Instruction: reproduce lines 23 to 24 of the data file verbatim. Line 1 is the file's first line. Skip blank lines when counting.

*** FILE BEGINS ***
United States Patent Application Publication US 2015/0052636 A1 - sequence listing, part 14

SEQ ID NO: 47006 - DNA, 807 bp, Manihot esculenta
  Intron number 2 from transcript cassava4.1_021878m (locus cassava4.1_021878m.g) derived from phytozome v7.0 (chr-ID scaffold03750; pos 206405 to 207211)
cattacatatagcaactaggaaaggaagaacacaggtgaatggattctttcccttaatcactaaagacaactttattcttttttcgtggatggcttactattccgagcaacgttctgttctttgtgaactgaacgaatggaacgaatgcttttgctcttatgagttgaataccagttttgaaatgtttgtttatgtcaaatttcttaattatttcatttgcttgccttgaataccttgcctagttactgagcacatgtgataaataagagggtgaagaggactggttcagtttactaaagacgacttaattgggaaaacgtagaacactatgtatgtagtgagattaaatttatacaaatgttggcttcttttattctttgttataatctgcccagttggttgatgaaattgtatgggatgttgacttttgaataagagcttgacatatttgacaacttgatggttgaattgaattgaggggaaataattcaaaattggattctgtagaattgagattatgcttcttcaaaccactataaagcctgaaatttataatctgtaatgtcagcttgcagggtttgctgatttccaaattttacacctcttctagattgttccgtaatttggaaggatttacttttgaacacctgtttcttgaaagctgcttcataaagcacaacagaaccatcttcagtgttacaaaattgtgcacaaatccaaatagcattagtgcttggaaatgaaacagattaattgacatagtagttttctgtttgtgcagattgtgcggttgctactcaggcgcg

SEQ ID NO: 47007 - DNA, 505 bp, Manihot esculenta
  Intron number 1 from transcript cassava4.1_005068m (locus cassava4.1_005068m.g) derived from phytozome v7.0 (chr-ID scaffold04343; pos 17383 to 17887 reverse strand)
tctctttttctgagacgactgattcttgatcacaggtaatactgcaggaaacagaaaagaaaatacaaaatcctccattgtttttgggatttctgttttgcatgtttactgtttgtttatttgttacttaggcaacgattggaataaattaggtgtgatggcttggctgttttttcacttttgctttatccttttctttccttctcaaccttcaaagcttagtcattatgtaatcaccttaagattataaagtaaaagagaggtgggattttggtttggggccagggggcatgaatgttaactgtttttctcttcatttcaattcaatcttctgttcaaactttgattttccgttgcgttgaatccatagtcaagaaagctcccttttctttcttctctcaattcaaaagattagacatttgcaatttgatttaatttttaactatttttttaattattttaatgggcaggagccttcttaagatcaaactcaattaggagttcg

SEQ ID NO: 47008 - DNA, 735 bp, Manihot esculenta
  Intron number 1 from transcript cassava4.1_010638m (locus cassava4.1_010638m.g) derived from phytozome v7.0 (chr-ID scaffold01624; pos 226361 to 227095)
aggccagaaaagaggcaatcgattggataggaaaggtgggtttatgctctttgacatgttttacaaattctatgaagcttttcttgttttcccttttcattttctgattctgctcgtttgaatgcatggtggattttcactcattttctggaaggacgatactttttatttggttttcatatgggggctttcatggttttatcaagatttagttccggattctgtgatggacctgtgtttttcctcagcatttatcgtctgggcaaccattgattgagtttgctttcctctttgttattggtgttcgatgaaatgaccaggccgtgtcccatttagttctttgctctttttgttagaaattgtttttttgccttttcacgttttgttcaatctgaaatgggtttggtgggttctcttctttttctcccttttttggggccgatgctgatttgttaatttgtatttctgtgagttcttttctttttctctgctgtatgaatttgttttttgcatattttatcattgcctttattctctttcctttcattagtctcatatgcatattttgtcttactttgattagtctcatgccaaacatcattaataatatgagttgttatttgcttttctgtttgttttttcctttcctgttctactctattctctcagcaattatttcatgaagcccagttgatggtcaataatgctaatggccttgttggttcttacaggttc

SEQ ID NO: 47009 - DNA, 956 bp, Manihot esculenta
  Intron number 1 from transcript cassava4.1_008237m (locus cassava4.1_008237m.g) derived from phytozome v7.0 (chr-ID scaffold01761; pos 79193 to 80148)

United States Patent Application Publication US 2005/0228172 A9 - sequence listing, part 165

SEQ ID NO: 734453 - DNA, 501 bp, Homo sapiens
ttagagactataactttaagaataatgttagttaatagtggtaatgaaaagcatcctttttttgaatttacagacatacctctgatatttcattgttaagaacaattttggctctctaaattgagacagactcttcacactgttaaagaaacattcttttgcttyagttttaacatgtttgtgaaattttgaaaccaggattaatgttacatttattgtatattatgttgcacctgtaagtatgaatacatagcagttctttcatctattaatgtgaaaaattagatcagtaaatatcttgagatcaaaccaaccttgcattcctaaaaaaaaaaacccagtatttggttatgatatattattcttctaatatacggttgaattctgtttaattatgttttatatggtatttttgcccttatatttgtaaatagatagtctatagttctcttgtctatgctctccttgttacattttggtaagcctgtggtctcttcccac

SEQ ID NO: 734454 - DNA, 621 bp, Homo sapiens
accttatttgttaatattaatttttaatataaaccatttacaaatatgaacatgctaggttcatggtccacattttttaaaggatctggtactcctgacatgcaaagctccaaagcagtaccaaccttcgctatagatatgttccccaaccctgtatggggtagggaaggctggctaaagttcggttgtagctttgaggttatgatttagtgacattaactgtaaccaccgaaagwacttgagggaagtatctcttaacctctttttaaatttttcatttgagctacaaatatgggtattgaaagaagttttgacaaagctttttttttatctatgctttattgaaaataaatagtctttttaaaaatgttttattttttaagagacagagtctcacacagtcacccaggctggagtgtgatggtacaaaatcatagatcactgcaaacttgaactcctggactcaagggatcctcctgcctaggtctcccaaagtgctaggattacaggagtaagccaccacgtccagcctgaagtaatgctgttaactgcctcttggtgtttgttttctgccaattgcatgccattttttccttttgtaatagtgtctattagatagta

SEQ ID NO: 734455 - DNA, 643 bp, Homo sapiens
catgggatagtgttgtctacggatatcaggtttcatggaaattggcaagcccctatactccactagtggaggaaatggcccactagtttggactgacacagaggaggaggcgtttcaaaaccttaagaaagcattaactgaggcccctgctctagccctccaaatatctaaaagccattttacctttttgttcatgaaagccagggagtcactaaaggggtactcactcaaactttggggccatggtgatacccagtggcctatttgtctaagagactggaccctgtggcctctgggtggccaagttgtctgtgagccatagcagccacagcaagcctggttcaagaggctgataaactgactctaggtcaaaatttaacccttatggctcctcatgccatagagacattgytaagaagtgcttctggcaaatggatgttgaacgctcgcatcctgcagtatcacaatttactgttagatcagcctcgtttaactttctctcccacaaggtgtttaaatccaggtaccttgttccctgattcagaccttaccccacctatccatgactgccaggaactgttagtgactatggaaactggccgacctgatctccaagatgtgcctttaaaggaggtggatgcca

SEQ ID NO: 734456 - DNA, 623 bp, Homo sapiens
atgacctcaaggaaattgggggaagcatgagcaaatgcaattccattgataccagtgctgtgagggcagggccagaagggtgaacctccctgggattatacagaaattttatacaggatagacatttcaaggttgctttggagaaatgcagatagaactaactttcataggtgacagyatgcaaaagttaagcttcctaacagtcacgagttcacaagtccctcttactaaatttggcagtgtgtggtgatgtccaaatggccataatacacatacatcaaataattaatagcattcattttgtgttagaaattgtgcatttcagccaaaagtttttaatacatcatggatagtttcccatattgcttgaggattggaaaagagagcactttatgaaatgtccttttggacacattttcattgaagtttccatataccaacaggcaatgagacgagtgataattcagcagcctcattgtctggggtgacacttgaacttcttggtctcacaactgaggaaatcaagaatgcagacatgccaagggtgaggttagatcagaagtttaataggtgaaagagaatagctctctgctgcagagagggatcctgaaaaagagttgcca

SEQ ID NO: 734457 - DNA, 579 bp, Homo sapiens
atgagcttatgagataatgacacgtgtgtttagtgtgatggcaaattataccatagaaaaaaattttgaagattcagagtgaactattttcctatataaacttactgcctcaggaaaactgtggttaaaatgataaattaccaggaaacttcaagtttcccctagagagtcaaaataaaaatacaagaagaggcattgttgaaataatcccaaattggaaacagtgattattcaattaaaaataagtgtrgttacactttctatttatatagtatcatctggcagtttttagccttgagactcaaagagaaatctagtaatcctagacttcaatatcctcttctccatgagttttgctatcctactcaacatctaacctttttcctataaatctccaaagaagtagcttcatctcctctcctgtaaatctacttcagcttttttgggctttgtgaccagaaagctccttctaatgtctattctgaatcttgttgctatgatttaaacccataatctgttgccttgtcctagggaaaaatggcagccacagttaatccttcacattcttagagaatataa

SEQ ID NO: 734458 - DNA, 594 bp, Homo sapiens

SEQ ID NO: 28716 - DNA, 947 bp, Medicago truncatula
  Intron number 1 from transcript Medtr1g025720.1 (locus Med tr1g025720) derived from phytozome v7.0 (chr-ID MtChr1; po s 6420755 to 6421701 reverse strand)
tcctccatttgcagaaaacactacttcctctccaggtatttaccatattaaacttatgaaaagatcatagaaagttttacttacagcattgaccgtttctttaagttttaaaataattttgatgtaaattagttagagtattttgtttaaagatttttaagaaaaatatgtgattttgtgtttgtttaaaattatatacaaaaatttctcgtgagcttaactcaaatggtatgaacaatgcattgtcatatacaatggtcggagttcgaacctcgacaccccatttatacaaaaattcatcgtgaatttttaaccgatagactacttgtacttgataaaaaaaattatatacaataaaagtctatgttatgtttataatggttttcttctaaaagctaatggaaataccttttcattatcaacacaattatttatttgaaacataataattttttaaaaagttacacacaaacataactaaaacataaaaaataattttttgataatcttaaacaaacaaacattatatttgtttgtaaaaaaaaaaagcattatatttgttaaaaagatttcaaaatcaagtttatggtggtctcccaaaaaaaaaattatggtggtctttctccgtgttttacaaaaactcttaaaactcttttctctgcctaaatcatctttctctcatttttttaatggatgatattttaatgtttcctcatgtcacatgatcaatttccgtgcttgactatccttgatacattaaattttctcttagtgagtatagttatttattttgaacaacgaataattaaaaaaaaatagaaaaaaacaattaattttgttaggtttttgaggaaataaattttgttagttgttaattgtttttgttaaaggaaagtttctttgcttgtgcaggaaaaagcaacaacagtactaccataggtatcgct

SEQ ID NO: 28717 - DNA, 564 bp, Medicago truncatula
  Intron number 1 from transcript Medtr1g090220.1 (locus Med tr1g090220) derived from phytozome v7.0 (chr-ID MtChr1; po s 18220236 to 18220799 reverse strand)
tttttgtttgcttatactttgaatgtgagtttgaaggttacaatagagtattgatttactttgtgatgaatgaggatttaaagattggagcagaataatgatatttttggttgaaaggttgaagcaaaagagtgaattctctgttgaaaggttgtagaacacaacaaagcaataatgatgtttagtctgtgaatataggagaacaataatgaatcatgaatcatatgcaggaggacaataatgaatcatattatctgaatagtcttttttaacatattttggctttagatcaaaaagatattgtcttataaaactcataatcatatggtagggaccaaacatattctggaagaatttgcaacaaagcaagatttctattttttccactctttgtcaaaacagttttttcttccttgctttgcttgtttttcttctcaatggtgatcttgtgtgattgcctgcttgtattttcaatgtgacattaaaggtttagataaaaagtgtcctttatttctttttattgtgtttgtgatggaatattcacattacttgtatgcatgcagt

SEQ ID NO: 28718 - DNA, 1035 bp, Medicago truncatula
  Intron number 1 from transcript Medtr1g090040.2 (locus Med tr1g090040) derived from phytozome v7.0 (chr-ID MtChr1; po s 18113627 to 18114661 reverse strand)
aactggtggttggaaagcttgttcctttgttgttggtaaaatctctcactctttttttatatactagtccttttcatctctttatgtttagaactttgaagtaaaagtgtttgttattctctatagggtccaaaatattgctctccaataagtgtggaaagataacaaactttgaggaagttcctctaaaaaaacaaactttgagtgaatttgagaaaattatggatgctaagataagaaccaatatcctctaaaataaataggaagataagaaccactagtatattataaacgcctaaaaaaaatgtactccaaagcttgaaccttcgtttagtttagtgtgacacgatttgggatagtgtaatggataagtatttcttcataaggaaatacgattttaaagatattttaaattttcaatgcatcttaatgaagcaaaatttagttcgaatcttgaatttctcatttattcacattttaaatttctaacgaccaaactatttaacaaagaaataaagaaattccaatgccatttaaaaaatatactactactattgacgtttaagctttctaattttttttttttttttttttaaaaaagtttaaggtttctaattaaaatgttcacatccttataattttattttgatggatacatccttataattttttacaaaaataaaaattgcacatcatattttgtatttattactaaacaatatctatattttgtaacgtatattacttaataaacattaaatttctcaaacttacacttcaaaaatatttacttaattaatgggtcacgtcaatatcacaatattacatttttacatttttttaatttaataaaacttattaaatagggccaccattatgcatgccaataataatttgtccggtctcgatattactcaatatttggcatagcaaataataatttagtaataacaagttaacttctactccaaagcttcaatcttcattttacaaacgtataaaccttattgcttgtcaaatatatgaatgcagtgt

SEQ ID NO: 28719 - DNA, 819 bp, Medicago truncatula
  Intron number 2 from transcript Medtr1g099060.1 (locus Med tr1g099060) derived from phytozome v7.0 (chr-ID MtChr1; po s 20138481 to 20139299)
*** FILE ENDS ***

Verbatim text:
atgagcttatgagataatgacacgtgtgtttagtgtgatggcaaattataccatagaaaaaaattttgaagattcagagtgaactattttcctatataaacttactgcctcaggaaaactgtggttaaaatgataaattaccaggaaacttcaagtttcccctagagagtcaaaataaaaatacaagaagaggcattgttgaaataatcccaaattggaaacagtgattattcaattaaaaataagtgtrgttacactttctatttatatagtatcatctggcagtttttagccttgagactcaaagagaaatctagtaatcctagacttcaatatcctcttctccatgagttttgctatcctactcaacatctaacctttttcctataaatctccaaagaagtagcttcatctcctctcctgtaaatctacttcagcttttttgggctttgtgaccagaaagctccttctaatgtctattctgaatcttgttgctatgatttaaacccataatctgttgccttgtcctagggaaaaatggcagccacagttaatccttcacattcttagagaatataa

SEQ ID NO: 734458 - DNA, 594 bp, Homo sapiens